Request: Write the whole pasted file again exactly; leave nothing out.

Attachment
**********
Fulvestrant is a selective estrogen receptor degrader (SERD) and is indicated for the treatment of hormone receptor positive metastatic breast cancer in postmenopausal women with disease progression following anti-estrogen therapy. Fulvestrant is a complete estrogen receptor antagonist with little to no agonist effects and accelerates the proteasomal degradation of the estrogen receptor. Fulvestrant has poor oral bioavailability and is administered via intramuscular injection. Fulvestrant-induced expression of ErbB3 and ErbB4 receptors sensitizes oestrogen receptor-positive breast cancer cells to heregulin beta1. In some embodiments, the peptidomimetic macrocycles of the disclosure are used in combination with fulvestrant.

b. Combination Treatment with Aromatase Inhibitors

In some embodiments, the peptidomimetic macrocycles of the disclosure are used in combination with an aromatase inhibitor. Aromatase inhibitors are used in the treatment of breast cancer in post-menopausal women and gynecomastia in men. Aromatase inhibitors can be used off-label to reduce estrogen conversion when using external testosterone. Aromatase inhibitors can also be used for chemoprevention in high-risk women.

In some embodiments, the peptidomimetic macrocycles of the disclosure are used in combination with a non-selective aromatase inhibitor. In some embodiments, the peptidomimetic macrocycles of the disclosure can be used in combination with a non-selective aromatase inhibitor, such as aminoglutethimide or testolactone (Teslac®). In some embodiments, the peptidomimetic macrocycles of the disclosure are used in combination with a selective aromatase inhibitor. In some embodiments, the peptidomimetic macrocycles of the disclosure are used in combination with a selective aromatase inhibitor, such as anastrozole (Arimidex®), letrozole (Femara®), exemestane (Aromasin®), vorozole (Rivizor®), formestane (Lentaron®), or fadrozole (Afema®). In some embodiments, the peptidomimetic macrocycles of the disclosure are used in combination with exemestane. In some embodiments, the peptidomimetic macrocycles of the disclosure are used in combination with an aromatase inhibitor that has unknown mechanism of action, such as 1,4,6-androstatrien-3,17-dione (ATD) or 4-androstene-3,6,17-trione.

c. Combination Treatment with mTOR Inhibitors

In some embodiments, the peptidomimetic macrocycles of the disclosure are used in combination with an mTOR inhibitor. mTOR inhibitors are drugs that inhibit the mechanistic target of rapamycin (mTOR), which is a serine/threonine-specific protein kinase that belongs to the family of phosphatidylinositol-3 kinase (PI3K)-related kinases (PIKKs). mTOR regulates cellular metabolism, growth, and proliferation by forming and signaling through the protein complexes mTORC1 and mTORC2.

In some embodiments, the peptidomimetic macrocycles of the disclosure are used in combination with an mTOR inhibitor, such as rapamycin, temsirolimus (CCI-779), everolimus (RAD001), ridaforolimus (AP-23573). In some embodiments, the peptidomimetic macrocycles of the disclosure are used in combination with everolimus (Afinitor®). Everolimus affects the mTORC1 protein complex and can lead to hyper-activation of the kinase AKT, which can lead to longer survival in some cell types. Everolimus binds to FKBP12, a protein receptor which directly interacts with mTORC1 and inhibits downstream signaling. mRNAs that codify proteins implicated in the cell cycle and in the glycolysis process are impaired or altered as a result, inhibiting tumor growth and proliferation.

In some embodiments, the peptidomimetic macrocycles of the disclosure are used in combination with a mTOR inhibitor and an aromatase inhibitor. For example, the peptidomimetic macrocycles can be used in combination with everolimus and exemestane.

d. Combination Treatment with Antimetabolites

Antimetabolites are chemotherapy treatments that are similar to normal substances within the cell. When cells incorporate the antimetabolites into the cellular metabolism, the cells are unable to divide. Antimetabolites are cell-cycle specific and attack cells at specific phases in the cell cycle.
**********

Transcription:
Fulvestrant is a selective estrogen receptor degrader (SERD) and is indicated for the treatment of hormone receptor positive metastatic breast cancer in postmenopausal women with disease progression following anti-estrogen therapy. Fulvestrant is a complete estrogen receptor antagonist with little to no agonist effects and accelerates the proteasomal degradation of the estrogen receptor. Fulvestrant has poor oral bioavailability and is administered via intramuscular injection. Fulvestrant-induced expression of ErbB3 and ErbB4 receptors sensitizes oestrogen receptor-positive breast cancer cells to heregulin beta1. In some embodiments, the peptidomimetic macrocycles of the disclosure are used in combination with fulvestrant.

b. Combination Treatment with Aromatase Inhibitors

In some embodiments, the peptidomimetic macrocycles of the disclosure are used in combination with an aromatase inhibitor. Aromatase inhibitors are used in the treatment of breast cancer in post-menopausal women and gynecomastia in men. Aromatase inhibitors can be used off-label to reduce estrogen conversion when using external testosterone. Aromatase inhibitors can also be used for chemoprevention in high-risk women.

In some embodiments, the peptidomimetic macrocycles of the disclosure are used in combination with a non-selective aromatase inhibitor. In some embodiments, the peptidomimetic macrocycles of the disclosure can be used in combination with a non-selective aromatase inhibitor, such as aminoglutethimide or testolactone (Teslac®). In some embodiments, the peptidomimetic macrocycles of the disclosure are used in combination with a selective aromatase inhibitor. In some embodiments, the peptidomimetic macrocycles of the disclosure are used in combination with a selective aromatase inhibitor, such as anastrozole (Arimidex®), letrozole (Femara®), exemestane (Aromasin®), vorozole (Rivizor®), formestane (Lentaron®), or fadrozole (Afema®). In some embodiments, the peptidomimetic macrocycles of the disclosure are used in combination with exemestane. In some embodiments, the peptidomimetic macrocycles of the disclosure are used in combination with an aromatase inhibitor that has unknown mechanism of action, such as 1,4,6-androstatrien-3,17-dione (ATD) or 4-androstene-3,6,17-trione.

c. Combination Treatment with mTOR Inhibitors

In some embodiments, the peptidomimetic macrocycles of the disclosure are used in combination with an mTOR inhibitor. mTOR inhibitors are drugs that inhibit the mechanistic target of rapamycin (mTOR), which is a serine/threonine-specific protein kinase that belongs to the family of phosphatidylinositol-3 kinase (PI3K)-related kinases (PIKKs). mTOR regulates cellular metabolism, growth, and proliferation by forming and signaling through the protein complexes mTORC1 and mTORC2.

In some embodiments, the peptidomimetic macrocycles of the disclosure are used in combination with an mTOR inhibitor, such as rapamycin, temsirolimus (CCI-779), everolimus (RAD001), ridaforolimus (AP-23573). In some embodiments, the peptidomimetic macrocycles of the disclosure are used in combination with everolimus (Afinitor®). Everolimus affects the mTORC1 protein complex and can lead to hyper-activation of the kinase AKT, which can lead to longer survival in some cell types. Everolimus binds to FKBP12, a protein receptor which directly interacts with mTORC1 and inhibits downstream signaling. mRNAs that codify proteins implicated in the cell cycle and in the glycolysis process are impaired or altered as a result, inhibiting tumor growth and proliferation.

In some embodiments, the peptidomimetic macrocycles of the disclosure are used in combination with a mTOR inhibitor and an aromatase inhibitor. For example, the peptidomimetic macrocycles can be used in combination with everolimus and exemestane.

d. Combination Treatment with Antimetabolites

Antimetabolites are chemotherapy treatments that are similar to normal substances within the cell. When cells incorporate the antimetabolites into the cellular metabolism, the cells are unable to divide. Antimetabolites are cell-cycle specific and attack cells at specific phases in the cell cycle.